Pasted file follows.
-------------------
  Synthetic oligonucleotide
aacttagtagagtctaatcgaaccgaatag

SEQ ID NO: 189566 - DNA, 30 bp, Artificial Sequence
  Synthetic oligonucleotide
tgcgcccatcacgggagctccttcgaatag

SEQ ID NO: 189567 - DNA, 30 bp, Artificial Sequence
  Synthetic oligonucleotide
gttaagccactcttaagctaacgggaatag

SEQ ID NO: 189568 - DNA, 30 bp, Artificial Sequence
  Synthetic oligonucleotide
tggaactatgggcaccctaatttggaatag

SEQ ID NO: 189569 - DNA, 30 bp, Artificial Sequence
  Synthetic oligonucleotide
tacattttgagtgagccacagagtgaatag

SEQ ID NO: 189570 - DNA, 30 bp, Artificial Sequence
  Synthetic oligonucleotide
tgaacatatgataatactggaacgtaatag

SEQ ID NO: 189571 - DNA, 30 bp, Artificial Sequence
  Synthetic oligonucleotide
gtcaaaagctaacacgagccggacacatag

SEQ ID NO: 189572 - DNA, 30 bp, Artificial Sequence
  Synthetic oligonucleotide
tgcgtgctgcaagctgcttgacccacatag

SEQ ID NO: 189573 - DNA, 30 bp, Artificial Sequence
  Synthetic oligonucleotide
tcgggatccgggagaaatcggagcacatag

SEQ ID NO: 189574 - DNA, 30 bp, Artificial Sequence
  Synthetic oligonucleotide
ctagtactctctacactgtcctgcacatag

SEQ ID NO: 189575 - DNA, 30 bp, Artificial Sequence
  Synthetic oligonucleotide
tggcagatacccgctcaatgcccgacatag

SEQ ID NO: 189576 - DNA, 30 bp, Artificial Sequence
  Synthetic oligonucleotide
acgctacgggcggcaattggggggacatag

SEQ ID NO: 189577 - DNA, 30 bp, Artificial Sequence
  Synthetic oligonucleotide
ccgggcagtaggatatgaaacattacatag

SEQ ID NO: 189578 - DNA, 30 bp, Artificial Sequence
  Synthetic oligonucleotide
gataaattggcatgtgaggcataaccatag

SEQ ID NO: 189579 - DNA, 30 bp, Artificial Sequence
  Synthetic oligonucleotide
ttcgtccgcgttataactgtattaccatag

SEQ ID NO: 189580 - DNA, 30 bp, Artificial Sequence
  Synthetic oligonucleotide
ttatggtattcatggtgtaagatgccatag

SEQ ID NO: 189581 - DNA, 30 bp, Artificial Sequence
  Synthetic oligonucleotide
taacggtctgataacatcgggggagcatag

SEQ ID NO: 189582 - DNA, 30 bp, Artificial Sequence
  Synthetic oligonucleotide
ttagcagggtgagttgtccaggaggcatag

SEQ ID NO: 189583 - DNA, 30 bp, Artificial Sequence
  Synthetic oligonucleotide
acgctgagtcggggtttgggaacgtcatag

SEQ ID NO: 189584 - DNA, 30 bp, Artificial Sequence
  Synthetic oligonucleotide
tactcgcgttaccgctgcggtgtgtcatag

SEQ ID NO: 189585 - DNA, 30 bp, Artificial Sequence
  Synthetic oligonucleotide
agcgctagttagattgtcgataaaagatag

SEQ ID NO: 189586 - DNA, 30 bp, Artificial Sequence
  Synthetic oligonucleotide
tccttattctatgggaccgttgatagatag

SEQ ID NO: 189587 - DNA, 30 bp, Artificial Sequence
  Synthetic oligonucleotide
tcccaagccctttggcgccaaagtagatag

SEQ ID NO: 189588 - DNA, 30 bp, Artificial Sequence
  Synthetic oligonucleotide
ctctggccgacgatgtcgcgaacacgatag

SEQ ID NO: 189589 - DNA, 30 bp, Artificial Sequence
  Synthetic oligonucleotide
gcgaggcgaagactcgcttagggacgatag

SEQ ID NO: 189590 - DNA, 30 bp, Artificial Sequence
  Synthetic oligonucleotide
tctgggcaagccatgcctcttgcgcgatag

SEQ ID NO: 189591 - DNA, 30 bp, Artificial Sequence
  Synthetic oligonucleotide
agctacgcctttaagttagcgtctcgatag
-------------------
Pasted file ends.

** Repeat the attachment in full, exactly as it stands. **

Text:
  Synthetic oligonucleotide
aacttagtagagtctaatcgaaccgaatag

SEQ ID NO: 189566 - DNA, 30 bp, Artificial Sequence
  Synthetic oligonucleotide
tgcgcccatcacgggagctccttcgaatag

SEQ ID NO: 189567 - DNA, 30 bp, Artificial Sequence
  Synthetic oligonucleotide
gttaagccactcttaagctaacgggaatag

SEQ ID NO: 189568 - DNA, 30 bp, Artificial Sequence
  Synthetic oligonucleotide
tggaactatgggcaccctaatttggaatag

SEQ ID NO: 189569 - DNA, 30 bp, Artificial Sequence
  Synthetic oligonucleotide
tacattttgagtgagccacagagtgaatag

SEQ ID NO: 189570 - DNA, 30 bp, Artificial Sequence
  Synthetic oligonucleotide
tgaacatatgataatactggaacgtaatag

SEQ ID NO: 189571 - DNA, 30 bp, Artificial Sequence
  Synthetic oligonucleotide
gtcaaaagctaacacgagccggacacatag

SEQ ID NO: 189572 - DNA, 30 bp, Artificial Sequence
  Synthetic oligonucleotide
tgcgtgctgcaagctgcttgacccacatag

SEQ ID NO: 189573 - DNA, 30 bp, Artificial Sequence
  Synthetic oligonucleotide
tcgggatccgggagaaatcggagcacatag

SEQ ID NO: 189574 - DNA, 30 bp, Artificial Sequence
  Synthetic oligonucleotide
ctagtactctctacactgtcctgcacatag

SEQ ID NO: 189575 - DNA, 30 bp, Artificial Sequence
  Synthetic oligonucleotide
tggcagatacccgctcaatgcccgacatag

SEQ ID NO: 189576 - DNA, 30 bp, Artificial Sequence
  Synthetic oligonucleotide
acgctacgggcggcaattggggggacatag

SEQ ID NO: 189577 - DNA, 30 bp, Artificial Sequence
  Synthetic oligonucleotide
ccgggcagtaggatatgaaacattacatag

SEQ ID NO: 189578 - DNA, 30 bp, Artificial Sequence
  Synthetic oligonucleotide
gataaattggcatgtgaggcataaccatag

SEQ ID NO: 189579 - DNA, 30 bp, Artificial Sequence
  Synthetic oligonucleotide
ttcgtccgcgttataactgtattaccatag

SEQ ID NO: 189580 - DNA, 30 bp, Artificial Sequence
  Synthetic oligonucleotide
ttatggtattcatggtgtaagatgccatag

SEQ ID NO: 189581 - DNA, 30 bp, Artificial Sequence
  Synthetic oligonucleotide
taacggtctgataacatcgggggagcatag

SEQ ID NO: 189582 - DNA, 30 bp, Artificial Sequence
  Synthetic oligonucleotide
ttagcagggtgagttgtccaggaggcatag

SEQ ID NO: 189583 - DNA, 30 bp, Artificial Sequence
  Synthetic oligonucleotide
acgctgagtcggggtttgggaacgtcatag

SEQ ID NO: 189584 - DNA, 30 bp, Artificial Sequence
  Synthetic oligonucleotide
tactcgcgttaccgctgcggtgtgtcatag

SEQ ID NO: 189585 - DNA, 30 bp, Artificial Sequence
  Synthetic oligonucleotide
agcgctagttagattgtcgataaaagatag

SEQ ID NO: 189586 - DNA, 30 bp, Artificial Sequence
  Synthetic oligonucleotide
tccttattctatgggaccgttgatagatag

SEQ ID NO: 189587 - DNA, 30 bp, Artificial Sequence
  Synthetic oligonucleotide
tcccaagccctttggcgccaaagtagatag

SEQ ID NO: 189588 - DNA, 30 bp, Artificial Sequence
  Synthetic oligonucleotide
ctctggccgacgatgtcgcgaacacgatag

SEQ ID NO: 189589 - DNA, 30 bp, Artificial Sequence
  Synthetic oligonucleotide
gcgaggcgaagactcgcttagggacgatag

SEQ ID NO: 189590 - DNA, 30 bp, Artificial Sequence
  Synthetic oligonucleotide
tctgggcaagccatgcctcttgcgcgatag

SEQ ID NO: 189591 - DNA, 30 bp, Artificial Sequence
  Synthetic oligonucleotide
agctacgcctttaagttagcgtctcgatag